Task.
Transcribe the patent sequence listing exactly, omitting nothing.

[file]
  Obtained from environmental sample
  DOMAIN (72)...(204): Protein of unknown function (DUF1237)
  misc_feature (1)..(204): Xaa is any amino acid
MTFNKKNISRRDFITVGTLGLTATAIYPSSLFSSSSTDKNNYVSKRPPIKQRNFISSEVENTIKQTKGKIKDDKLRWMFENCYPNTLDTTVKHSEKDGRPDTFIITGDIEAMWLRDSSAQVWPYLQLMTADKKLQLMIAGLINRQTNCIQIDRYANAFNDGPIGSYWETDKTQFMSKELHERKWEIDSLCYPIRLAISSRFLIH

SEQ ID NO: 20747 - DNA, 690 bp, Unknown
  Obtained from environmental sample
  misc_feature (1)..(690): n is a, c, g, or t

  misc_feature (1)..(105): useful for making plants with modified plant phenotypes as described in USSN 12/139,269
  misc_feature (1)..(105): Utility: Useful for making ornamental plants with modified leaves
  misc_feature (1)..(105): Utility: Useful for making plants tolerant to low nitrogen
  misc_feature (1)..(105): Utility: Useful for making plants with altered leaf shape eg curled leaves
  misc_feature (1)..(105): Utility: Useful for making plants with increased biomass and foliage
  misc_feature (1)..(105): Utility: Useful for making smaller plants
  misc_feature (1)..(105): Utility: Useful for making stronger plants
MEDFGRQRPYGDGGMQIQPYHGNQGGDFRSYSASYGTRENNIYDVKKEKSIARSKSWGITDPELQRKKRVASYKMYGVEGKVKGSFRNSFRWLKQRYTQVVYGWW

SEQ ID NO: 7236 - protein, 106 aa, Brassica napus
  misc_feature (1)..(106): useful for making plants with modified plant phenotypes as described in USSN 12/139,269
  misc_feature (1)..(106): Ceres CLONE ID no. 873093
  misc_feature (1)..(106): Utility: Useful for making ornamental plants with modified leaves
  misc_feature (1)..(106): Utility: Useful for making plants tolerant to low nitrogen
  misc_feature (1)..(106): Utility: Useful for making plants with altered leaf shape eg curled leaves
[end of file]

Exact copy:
  Obtained from environmental sample
  DOMAIN (72)...(204): Protein of unknown function (DUF1237)
  misc_feature (1)..(204): Xaa is any amino acid
MTFNKKNISRRDFITVGTLGLTATAIYPSSLFSSSSTDKNNYVSKRPPIKQRNFISSEVENTIKQTKGKIKDDKLRWMFENCYPNTLDTTVKHSEKDGRPDTFIITGDIEAMWLRDSSAQVWPYLQLMTADKKLQLMIAGLINRQTNCIQIDRYANAFNDGPIGSYWETDKTQFMSKELHERKWEIDSLCYPIRLAISSRFLIH

SEQ ID NO: 20747 - DNA, 690 bp, Unknown
  Obtained from environmental sample
  misc_feature (1)..(690): n is a, c, g, or t

  misc_feature (1)..(105): useful for making plants with modified plant phenotypes as described in USSN 12/139,269
  misc_feature (1)..(105): Utility: Useful for making ornamental plants with modified leaves
  misc_feature (1)..(105): Utility: Useful for making plants tolerant to low nitrogen
  misc_feature (1)..(105): Utility: Useful for making plants with altered leaf shape eg curled leaves
  misc_feature (1)..(105): Utility: Useful for making plants with increased biomass and foliage
  misc_feature (1)..(105): Utility: Useful for making smaller plants
  misc_feature (1)..(105): Utility: Useful for making stronger plants
MEDFGRQRPYGDGGMQIQPYHGNQGGDFRSYSASYGTRENNIYDVKKEKSIARSKSWGITDPELQRKKRVASYKMYGVEGKVKGSFRNSFRWLKQRYTQVVYGWW

SEQ ID NO: 7236 - protein, 106 aa, Brassica napus
  misc_feature (1)..(106): useful for making plants with modified plant phenotypes as described in USSN 12/139,269
  misc_feature (1)..(106): Ceres CLONE ID no. 873093
  misc_feature (1)..(106): Utility: Useful for making ornamental plants with modified leaves
  misc_feature (1)..(106): Utility: Useful for making plants tolerant to low nitrogen
  misc_feature (1)..(106): Utility: Useful for making plants with altered leaf shape eg curled leaves